Reading Success

Reading is essential to just about everything in life, from cooking, to driving, to just getting through school.  It is important to teach our children early on about the value of reading so that they will grow to practice it often.  All of us are very busy but finding just 20 minutes each day for 5 days per week to read to your child (approximately 87 hours per yea) benefits them in so many ways.  For example:

  • Reading is "brain food"  - Reading activates and exercises many of the areas of the brain.  The visual cortex works as your eyes track the words on the page and look at the illustrations.  Your memory connects the information that you already know with the story and its content, while integrating the new information to further strengthen your growing network of knowledge.  
  • Reading improves listening skills - By reading to your child you help them develop good listening skills, add new words to their vocabularies, and connect words to their real world applications.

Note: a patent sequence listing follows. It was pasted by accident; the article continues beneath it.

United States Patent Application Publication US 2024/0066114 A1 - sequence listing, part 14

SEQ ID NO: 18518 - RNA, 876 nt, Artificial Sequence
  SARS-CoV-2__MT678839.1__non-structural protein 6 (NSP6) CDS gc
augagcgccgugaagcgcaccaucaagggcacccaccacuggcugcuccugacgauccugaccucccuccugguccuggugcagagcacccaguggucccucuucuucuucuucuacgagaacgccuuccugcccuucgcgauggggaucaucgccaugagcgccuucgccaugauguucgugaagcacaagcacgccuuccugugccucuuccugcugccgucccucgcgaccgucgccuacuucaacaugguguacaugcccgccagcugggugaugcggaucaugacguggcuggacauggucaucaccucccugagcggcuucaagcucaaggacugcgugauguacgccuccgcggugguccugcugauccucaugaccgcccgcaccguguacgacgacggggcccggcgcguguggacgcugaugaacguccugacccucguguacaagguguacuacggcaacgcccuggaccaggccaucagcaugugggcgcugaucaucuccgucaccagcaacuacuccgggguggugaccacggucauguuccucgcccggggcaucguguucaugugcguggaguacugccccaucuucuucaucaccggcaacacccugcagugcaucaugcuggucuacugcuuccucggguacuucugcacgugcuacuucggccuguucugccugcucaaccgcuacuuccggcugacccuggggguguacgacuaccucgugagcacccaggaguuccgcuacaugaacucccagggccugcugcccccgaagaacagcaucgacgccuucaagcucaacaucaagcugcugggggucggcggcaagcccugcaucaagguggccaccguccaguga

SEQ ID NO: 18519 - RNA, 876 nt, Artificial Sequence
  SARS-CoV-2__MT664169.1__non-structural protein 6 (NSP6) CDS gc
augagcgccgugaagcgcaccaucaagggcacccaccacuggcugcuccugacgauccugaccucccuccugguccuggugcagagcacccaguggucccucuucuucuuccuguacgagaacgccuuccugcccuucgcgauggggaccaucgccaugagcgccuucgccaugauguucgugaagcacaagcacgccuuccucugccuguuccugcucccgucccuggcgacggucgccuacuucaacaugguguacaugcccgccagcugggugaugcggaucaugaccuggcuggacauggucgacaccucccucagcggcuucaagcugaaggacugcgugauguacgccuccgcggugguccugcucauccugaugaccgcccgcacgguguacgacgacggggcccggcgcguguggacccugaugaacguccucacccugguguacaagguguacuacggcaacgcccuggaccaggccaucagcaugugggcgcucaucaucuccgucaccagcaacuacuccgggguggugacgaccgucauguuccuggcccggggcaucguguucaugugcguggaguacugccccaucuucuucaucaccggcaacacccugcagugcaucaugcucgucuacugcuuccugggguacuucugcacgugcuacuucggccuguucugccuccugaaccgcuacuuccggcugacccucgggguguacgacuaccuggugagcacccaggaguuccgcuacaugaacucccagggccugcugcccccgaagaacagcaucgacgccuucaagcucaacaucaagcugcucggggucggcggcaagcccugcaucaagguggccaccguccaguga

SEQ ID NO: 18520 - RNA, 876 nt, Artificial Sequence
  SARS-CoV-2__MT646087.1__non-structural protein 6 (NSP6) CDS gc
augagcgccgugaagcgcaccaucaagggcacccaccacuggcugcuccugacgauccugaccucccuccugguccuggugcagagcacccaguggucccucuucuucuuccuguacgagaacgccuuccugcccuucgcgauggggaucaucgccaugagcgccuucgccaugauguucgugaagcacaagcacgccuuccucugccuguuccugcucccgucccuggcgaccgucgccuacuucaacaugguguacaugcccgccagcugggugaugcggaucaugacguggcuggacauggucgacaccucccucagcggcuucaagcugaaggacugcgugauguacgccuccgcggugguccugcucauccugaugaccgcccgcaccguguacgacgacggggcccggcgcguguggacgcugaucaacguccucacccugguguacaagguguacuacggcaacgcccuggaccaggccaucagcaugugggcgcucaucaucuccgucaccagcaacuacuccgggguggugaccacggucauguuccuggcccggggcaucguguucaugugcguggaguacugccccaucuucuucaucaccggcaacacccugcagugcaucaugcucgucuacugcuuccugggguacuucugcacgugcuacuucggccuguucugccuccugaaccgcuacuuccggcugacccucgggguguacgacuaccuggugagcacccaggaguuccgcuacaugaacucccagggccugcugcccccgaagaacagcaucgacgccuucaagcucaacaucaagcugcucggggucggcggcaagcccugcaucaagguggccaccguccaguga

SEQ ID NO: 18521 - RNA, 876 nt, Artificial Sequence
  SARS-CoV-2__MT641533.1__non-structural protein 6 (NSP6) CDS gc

• Practice makes perfect - The more your child is exposed to reading and books the stronger their reading abilities tend to be.  The best way to get better is to read.
  • Reading improves academic performance and expands their vocabulary - Having strong reading skills helps a student to succeed and thrive in school because so much of our schooling relies on the ability to read.  As they read they will come across words that they don't know, which will prompt them to find out what the word means and as a result increase their personal vocabulary.  
  • Reading helps to build independence and self confidence - Though reading, they can begin to understand the world on their own and as they become better readers their self confidence will grow.  
  • Reading enhances their imagination - Reading forces the reader to use the details in the story to picture in their minds what the characters look like, who they are, and what the setting looks like.
  • Reading improves writing and grammar skills - Through reading children are exposed to the author's use of sentence structure and grammar, which in turn helps the child to build vocabulary, communication, and grammar skills of their own.